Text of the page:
Joshua Barnhart is a student at Castleton University and an ISA Featured Blogger. He is currently studying abroad with ISA in Cusco, Peru.
- Spanish. Just kidding guys. I mean, it is helpful to learn Spanish, but the first thing you need to know before you study here is to be open about doing new things. It sounds very cliché, but you’re going to be seeing and doing a lot of new things. Say yes when someone invites you somewhere, and always go out and explore with the local friends you make (ISA activities are a good way to meet local students). You’re here to learn and experience a new culture, not to live your regular life in a different city.
- The weather here is consistent. And by consistent, I mean the temperature consistently changes almost 20 degrees each day. When your Peruvian mama, your host mom, your mama sustituya, whatever you want to call her, tells you to put a scarf on, LISTEN TO HER. Many of us felt as though people were being dramatic, because it’s quite warm in the middle of the day. The problem is the rapid change in temperature. If it’s been 60 all week and then suddenly decides it’s going to rain for 4 days, you’re going to wake up feeling not so hot. Try to always be at a comfortable temperature; it’s very important. Feeling good means doing more things, and doing things is why you’re here. Take care of yourself so you can go have fun!
- You are a gringo. Believe me, I know it doesn’t feel that way for many of us because we speak Spanish, but we are. Being called a gringo in Peru is something you might feel strangely about. People may assume you don’t speak Spanish; people may say things in a negative tone about you being a tourist or a gringo. People may say things like “gringos are that way” or “look at all the gringos.” This might not be something you are used to. The best way to deal with a situation like this is to embrace it. You can make jokes about being a gringo; you can call yourself gringo. It lightens the mood. You can make many new friends laugh or feel more comfortable around you by embracing your “gringo-ness.”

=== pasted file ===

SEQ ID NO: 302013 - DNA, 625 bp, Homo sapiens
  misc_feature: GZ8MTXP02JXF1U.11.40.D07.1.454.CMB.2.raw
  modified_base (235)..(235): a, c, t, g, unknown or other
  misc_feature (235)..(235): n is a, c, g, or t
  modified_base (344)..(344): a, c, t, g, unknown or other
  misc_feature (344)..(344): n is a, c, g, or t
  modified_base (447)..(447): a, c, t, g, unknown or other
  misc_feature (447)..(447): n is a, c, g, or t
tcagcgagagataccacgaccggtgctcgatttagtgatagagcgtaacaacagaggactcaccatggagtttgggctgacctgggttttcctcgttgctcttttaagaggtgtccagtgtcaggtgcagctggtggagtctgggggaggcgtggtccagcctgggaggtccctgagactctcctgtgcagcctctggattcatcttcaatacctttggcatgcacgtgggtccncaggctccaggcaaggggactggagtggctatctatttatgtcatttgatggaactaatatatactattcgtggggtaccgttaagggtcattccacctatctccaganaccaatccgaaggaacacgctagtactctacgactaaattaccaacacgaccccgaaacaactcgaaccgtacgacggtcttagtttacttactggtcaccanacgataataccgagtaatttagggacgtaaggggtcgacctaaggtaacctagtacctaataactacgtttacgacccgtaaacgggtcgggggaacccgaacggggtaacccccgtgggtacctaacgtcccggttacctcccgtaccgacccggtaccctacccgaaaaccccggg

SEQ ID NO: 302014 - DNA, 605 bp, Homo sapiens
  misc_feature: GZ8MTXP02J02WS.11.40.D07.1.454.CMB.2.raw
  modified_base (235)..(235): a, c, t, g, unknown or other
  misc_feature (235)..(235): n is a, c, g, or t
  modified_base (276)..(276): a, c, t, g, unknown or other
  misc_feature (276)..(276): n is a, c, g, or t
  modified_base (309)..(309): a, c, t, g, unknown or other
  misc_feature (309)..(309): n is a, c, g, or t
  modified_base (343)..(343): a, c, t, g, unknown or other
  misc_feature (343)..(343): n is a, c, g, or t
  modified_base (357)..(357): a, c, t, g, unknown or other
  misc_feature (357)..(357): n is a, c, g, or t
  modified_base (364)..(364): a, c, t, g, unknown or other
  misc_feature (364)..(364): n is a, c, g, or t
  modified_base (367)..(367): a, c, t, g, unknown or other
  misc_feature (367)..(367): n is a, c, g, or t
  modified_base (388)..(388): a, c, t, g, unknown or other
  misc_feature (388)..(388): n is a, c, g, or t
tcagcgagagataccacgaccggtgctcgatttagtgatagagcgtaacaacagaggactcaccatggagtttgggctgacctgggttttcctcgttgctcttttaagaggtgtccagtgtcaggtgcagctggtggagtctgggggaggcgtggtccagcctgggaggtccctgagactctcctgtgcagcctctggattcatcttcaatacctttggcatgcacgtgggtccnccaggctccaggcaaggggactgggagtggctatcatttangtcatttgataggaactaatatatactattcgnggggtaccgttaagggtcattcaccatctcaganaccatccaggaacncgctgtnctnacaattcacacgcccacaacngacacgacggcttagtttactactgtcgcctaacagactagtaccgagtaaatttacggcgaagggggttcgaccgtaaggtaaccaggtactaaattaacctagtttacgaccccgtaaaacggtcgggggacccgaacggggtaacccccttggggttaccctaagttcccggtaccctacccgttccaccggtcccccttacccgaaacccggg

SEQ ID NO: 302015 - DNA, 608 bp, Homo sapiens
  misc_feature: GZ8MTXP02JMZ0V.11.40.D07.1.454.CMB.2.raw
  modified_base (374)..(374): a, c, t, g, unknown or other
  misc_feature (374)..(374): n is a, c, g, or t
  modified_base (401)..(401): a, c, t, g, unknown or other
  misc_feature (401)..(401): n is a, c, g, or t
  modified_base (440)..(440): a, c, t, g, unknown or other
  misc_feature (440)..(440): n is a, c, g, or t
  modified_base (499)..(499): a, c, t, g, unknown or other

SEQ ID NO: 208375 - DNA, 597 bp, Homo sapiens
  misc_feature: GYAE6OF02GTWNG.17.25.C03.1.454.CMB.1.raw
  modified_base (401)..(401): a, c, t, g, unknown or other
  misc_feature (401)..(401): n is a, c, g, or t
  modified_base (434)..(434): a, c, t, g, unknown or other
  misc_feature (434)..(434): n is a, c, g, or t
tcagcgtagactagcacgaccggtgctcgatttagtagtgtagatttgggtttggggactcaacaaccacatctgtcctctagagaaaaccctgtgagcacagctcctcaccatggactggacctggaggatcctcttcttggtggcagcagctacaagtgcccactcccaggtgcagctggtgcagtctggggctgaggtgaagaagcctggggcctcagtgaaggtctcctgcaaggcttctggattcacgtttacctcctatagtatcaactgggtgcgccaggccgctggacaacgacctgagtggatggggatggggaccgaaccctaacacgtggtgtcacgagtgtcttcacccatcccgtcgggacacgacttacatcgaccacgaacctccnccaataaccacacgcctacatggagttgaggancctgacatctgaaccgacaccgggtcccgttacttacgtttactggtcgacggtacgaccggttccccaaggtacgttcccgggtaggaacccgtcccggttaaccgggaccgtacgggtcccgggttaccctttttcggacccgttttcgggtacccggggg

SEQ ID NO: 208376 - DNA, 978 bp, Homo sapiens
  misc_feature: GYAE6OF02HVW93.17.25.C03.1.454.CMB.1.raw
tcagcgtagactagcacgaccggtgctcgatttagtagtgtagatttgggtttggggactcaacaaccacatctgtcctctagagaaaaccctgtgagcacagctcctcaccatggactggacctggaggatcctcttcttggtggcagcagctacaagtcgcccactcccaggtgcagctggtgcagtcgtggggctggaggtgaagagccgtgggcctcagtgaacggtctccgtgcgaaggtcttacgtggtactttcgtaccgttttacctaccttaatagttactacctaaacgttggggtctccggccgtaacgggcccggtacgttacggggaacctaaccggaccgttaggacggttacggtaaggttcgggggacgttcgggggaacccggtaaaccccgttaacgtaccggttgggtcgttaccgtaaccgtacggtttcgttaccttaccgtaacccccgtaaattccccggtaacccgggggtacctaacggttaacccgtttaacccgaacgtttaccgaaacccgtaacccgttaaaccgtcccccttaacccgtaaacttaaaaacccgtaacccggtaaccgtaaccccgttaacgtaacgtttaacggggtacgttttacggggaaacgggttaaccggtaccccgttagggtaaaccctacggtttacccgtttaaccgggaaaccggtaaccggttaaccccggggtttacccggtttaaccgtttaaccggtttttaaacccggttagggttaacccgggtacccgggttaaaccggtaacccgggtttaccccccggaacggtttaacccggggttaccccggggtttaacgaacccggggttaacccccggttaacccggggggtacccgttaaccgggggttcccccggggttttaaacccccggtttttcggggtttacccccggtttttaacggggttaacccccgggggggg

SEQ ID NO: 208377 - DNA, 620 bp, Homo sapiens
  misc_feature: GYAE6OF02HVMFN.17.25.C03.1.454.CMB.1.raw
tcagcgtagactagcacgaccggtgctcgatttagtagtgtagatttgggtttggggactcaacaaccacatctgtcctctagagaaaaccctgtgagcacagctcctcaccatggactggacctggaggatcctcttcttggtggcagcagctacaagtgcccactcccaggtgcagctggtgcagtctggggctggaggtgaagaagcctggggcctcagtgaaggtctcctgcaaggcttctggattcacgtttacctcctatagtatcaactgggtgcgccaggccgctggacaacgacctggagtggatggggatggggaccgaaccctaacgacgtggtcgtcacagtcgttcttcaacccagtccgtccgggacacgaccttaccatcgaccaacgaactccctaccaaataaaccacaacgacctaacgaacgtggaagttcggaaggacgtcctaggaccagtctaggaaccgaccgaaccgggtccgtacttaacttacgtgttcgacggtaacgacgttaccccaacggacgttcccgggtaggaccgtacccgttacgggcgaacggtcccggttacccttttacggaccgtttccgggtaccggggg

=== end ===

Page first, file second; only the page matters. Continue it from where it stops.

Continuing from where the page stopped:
- Your life will be more than wifi, hot water, and good plumbing. Wifi often is turned off late at night, as is water. You CANNOT flush toilet paper. These are small things, but they are things you are used to at home. Culture shock hits people differently. Some people need their wifi. Some people take 30 minute showers. Some people instinctively throw their toilet paper in the toilet and have to fish it out with the toilet brush because they forgot (it wasn’t me, I swear). Remember those things fondly, and if you feel frustrated by the lack of them, just remember how lucky you are to have views like these.
The world awaits…discover it.